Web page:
Portraits of Wildflowers

Perspectives on Nature Photography

The plight of one plainsman

with 17 comments

Old Plainsman Buds Fasciated 8398

Although the colony of old plainsman, Hymenopappus scabiosaeus, that I found on April 12 at the corner of Corral Ln. and I-35 in south Austin was remarkable for its size and density, one detail caught my attention: a single old plainsman plant that had become fasciated.

A post from August 2011 explained “what botanists call fasciation, a word based, with some imagination, on the Latin fascia that meant ‘a strip of material, ribbon, band, bandage, swathe.’ As Dr. T. Ombrello wrote: ‘One interesting type of mistake that is occasionally found in plants is known as a fasciated or crested growth form. It is usually the result of a growing point changing from a round dome of cells into a crescent shape. Subsequent growth produces a flat stem. In some cases fasciation is the result of several embryonic growing points fusing together, with the same flat-stem appearance.'”

In this close photograph of old plainsman, the lower group of buds looks pretty normal, but the upper group is clearly fasciated, with its buds flattening out into a row rather than forming a round cluster.

If you have a fascination with fasciation, you can look back at a firewheel and a poverty weed plant that suffered from that condition.

© 2013 Steven Schwartzman

Written by Steve Schwartzman

April 21, 2013 at 6:18 AM

17 Responses

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  1. The cluster of buds are “fascinating,” but I enjoyed the explanation about the variation in them.


    April 21, 2013 at 7:51 AM

    • It’s a strange phenomenon, isn’t it? I still remember where I saw my first instance of it about 13 years ago.

      Steve Schwartzman

      April 21, 2013 at 9:25 AM

  2. Quite interesting info. I learned a new word today. I was reading a bit carelessly and thought that I was seeing fascination but the info you gave your readers today is fascinating. 🙂 Hope I spelled those correctly. Ooops I see that Sally’s comment is similiar to mine. Oh well, this one will remain.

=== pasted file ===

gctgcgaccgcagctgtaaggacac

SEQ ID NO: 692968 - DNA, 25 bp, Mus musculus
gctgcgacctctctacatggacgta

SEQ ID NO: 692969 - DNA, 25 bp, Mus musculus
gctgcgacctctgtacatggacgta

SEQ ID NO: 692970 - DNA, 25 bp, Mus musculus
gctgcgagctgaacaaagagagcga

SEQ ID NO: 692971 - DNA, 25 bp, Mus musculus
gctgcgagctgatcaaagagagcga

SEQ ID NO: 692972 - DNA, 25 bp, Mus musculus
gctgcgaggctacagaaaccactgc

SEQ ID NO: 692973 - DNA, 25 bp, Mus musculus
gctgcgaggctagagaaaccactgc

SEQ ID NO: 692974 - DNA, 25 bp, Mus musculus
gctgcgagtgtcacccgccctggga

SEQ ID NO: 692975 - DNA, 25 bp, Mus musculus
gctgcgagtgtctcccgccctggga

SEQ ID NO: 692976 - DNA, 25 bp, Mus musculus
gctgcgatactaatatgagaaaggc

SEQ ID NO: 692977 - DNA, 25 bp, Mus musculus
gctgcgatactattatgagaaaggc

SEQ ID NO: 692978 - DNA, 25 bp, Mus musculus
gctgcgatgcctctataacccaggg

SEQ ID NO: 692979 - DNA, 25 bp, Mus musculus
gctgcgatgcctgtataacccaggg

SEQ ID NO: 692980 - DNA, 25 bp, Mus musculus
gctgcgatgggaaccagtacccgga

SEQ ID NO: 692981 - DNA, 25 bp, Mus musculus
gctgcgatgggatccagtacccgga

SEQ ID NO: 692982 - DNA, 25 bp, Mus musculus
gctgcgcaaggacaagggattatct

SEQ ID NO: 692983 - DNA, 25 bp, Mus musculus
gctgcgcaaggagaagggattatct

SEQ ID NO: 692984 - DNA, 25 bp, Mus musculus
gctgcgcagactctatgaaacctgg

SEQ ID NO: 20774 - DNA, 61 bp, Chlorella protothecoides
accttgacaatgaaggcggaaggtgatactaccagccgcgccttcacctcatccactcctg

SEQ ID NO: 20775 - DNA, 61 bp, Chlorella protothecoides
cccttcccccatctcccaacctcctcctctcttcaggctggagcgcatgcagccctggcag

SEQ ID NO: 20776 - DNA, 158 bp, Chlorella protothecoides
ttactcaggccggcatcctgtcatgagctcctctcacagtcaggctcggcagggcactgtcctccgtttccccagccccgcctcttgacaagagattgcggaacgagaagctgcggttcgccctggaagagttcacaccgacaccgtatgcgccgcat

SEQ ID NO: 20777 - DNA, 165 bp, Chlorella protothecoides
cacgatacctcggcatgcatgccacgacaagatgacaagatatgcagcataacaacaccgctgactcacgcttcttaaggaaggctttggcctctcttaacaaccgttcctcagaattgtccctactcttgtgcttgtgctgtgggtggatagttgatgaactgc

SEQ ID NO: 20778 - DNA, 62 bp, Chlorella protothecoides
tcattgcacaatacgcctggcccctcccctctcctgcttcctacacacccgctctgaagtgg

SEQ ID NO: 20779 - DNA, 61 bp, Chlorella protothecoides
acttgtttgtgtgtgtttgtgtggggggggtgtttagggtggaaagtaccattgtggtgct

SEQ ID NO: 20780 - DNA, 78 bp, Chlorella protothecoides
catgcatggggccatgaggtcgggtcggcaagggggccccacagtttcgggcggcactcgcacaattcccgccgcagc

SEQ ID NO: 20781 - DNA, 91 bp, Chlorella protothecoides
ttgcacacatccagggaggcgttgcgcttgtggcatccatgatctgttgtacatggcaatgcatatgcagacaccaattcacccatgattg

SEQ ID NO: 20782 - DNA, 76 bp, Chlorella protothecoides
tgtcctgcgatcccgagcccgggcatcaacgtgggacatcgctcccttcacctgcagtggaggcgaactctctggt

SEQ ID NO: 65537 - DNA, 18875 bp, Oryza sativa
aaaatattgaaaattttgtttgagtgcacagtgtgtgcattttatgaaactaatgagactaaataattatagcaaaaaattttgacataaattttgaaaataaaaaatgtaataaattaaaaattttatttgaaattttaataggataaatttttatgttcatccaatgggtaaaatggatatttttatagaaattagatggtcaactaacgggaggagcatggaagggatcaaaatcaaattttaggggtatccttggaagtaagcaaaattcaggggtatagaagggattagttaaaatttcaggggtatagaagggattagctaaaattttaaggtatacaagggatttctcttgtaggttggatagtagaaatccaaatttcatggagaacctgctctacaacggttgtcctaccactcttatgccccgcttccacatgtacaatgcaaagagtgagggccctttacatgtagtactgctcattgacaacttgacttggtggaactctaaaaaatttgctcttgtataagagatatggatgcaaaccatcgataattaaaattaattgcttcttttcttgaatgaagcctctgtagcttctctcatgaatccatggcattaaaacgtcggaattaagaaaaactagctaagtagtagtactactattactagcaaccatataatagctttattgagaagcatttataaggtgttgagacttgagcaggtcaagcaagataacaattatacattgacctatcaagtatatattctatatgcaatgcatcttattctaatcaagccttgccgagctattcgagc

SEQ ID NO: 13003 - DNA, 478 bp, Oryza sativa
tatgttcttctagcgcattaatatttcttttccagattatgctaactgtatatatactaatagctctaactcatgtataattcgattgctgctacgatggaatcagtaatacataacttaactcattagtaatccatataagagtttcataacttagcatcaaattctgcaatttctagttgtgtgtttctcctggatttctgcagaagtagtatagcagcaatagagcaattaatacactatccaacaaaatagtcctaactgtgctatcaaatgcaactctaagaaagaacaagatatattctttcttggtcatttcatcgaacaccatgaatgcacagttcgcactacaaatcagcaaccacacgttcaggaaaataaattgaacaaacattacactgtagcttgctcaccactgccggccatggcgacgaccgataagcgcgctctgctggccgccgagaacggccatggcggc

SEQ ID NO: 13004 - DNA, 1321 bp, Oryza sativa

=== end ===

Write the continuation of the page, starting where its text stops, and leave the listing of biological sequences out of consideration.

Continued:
April 21, 2013 at 9:40 AM

    • It’s hard to resist the temptation to play with the one-letter-different words fasciation and fascination, especially because fasciation is such a fascinating phenomenon. I couldn’t resist playing with the words in my first post on the subject, the one referred to in the first link above. I expect today won’t be the last time I treat the topic, either, given that I come across one or two instances of fasciation each year.

      Steve Schwartzman

      April 21, 2013 at 9:47 AM

  3. Looks pretty fascinating to me! I’m glad you took the time to explain.


    April 21, 2013 at 10:13 AM

    • Now that you know about the phenomenon, let’s hope you find a fasciated plant in nature to be fascinated by.

      Steve Schwartzman

      April 21, 2013 at 10:20 AM

      • Actually, my Shasta daisies do this all the time, and I also see it in Oxeyes out in the field as well as in my feverfew and chamomile now and then. I had thought it was only a habit of single composite flowers, not entire clusters, but the more the merrier! and the stems need to be strong to hold up those big flower heads!


        April 21, 2013 at 10:35 AM

  4. Further interesting to me is the way that the innocuous or even benign concept of ‘binding together’ became the titular reference used for fascism. Clearly plants have a kindlier way of expressing the concept!


    April 21, 2013 at 8:46 PM

    • It was the ancient Romans who used the fasces as an emblem of their power, and that was the tradition Mussolini was trying to follow. I’ll follow your lead and stick to plants (which sometimes stick to me).

      Steve Schwartzman

      April 21, 2013 at 10:45 PM

  5. I remember when you wrote about fasciation before. This photograph is brilliant to begin with, but that it’s also instructive about fasciation is, well, fascinating. Hmmm, do those two words (fasciation/fascination) come from the same root?

    Susan Scheid

    April 22, 2013 at 3:11 PM

    • None of my dictionaries claims there’s any connection between the Latin originals, so it seems to be a coincidental resemblance and nothing more. The primary meaning of Latin fascinum was ‘an evil spell.’ What’s fascinating, though, is that a secondary meaning of fascinum was ‘a phallic-shaped amulet.’

      Steve Schwartzman

      April 22, 2013 at 3:57 PM

  6. […] May 6th at McKinney Falls State Park I found the first fasciated prairie verbena, Glandularia bipinnatifida, that I’ve ever seen. The previous post showed you […]

  7. […] If fasciation is new to you or you’d like a refresher, you can find a discussion of the phenomenon in a post about a fasciated Liatris I ran across a couple of years ago. Other posts since then have shown a fasciated firewheel, poverty weed, prairie verbena, and old plainsman. […]

  8. […] old plainsman; […]

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